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February 21 2013

3D printing from your fingertips

The 3Doodler is a 3D printer, but it’s a pen. This takes 3D printing and turns it on its head …

In fact the 3Doodler rejects quite a lot of what most people would consider necessary for it to be called a 3D printer. There is no three-axis control. There is no software. You can’t download a design and print an object. It strips 3D printing back to basics.

What there is, what it allows you to do, is make things. This is the history of printing going in reverse. It’s as if Gutenberg’s press was invented first, and then somebody came along afterwards and invented the fountain pen.

While the 3Doodler looks simple, the creators have obviously overcome some serious technological difficulties to get it working. One of the things that’s hard to do on 3D printers, at least hard to do well, is unsupported structures.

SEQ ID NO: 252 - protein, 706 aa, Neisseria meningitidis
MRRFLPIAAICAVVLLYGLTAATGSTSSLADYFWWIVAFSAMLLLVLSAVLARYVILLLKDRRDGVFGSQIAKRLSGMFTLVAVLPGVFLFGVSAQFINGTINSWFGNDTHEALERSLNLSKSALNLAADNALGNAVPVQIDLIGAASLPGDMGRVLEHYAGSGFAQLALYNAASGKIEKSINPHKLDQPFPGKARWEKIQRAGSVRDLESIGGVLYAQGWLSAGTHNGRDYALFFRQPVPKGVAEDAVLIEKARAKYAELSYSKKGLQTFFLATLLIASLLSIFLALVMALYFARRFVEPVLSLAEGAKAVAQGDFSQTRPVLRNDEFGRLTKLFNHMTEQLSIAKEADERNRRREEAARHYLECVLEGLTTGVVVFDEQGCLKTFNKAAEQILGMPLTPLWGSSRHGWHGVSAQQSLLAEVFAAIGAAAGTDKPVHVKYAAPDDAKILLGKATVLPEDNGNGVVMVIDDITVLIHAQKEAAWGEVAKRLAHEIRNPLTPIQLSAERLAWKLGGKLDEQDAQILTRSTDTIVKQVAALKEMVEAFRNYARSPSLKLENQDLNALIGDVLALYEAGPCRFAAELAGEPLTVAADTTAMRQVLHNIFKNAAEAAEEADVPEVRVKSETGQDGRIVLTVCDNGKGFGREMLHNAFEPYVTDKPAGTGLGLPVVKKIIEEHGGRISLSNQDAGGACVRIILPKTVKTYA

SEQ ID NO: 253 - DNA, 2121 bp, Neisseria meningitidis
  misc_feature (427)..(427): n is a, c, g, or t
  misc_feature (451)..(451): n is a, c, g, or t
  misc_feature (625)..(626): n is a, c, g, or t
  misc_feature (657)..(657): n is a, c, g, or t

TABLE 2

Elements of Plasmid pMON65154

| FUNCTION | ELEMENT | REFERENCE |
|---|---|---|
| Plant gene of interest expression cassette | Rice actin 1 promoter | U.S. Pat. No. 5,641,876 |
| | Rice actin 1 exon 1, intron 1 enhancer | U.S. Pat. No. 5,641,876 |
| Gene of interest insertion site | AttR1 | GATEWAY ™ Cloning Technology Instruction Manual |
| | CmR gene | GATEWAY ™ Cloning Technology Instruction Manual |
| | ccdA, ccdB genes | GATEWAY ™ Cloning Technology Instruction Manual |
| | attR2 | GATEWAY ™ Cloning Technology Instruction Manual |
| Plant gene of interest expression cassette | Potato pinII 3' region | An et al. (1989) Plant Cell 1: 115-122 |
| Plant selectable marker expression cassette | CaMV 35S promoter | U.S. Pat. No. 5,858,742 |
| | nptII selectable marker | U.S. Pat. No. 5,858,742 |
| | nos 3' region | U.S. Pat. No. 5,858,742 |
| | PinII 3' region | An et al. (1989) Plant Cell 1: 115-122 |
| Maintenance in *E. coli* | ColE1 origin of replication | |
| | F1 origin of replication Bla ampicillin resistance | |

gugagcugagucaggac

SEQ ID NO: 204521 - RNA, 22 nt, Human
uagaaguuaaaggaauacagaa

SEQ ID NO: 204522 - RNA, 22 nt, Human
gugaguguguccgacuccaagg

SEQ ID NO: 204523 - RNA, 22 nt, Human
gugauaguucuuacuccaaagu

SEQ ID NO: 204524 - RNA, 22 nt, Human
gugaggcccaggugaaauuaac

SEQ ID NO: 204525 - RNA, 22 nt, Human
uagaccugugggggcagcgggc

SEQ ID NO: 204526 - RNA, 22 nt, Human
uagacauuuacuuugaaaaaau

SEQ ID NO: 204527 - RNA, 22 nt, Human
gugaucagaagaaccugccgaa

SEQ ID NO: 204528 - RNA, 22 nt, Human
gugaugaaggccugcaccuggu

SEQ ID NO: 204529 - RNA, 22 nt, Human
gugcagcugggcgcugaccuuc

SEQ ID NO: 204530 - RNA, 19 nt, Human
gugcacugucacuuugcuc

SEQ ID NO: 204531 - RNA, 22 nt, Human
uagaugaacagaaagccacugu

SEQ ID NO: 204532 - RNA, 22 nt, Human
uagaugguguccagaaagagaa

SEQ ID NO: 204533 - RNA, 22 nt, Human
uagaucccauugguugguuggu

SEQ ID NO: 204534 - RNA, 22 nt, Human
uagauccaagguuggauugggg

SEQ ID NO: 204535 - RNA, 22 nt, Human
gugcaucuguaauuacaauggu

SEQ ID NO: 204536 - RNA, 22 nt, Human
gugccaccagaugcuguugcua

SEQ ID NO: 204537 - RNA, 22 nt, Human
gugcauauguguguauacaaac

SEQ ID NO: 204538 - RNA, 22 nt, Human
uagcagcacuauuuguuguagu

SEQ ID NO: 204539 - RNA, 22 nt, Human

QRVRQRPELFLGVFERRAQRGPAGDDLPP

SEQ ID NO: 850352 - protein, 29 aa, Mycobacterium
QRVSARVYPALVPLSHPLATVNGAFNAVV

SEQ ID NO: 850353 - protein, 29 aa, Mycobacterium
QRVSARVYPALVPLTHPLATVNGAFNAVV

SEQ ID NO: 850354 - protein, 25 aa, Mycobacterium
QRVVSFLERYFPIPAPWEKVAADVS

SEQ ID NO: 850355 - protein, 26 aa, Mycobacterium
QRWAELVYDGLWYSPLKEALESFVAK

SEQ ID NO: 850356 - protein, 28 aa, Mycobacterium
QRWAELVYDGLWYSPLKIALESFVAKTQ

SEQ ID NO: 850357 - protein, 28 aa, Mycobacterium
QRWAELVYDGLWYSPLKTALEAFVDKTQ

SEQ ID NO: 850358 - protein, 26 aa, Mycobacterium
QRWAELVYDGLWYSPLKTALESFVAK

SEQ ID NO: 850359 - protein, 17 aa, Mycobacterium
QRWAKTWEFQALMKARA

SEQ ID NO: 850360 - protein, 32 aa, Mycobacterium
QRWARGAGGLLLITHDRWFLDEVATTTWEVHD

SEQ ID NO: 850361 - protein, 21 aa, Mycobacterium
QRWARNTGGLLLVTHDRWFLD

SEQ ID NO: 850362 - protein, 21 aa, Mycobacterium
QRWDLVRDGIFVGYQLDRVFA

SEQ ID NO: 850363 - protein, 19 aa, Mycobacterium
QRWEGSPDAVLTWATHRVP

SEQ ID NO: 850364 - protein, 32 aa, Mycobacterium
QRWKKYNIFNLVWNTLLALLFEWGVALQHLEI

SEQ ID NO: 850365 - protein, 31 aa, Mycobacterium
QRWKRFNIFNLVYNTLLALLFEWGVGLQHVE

As anyone that owns a 3D printer will tell you, the cooling time for the plastic as it leaves the print head is crucial to allow you to print unsupported structures. Too hot and it doesn’t work, the structure sags and runs. Too cold and it just plain doesn’t work at all. From their videos, the 3Doodler inventors seem to have cracked the problem. Building a free-standing structure appears to be easy and well within the capabilities of the pen.

It also takes 3mm ABS and PLA as its “ink,” the same stuff used by most hobbyist 3D printers. I’ve got spools of this stuff hanging around my house, which I use in my own printer. But unlike my printer, which cost just under a thousand dollars, the 3Doodler costs just $75.

It doesn’t have the same capabilities, but that’s the difference between a printing press and a pen. It has different capabilities, ones a “normal” 3D printer doesn’t have. It’s not a cheap alternative, it’s a different thing entirely.

I’m currently watching the 3Doodler climb past its first million dollars on Kickstarter. When I say its “first” million I mean that. The project has more than 30 days left on its campaign and already it’s gone viral. This is the next Pebble. The next Kickstarter success story.

The creators have tapped into a previously untappable market: People who wanted a 3D printer but couldn’t afford one, and people who see the obvious potential of a fountain pen over a printing press, for both art and engineering.

The guys behind the 3Doodler made $60,000 dollars while I wrote this post. My hat is off to them. It’s not often someone comes up with an idea this good.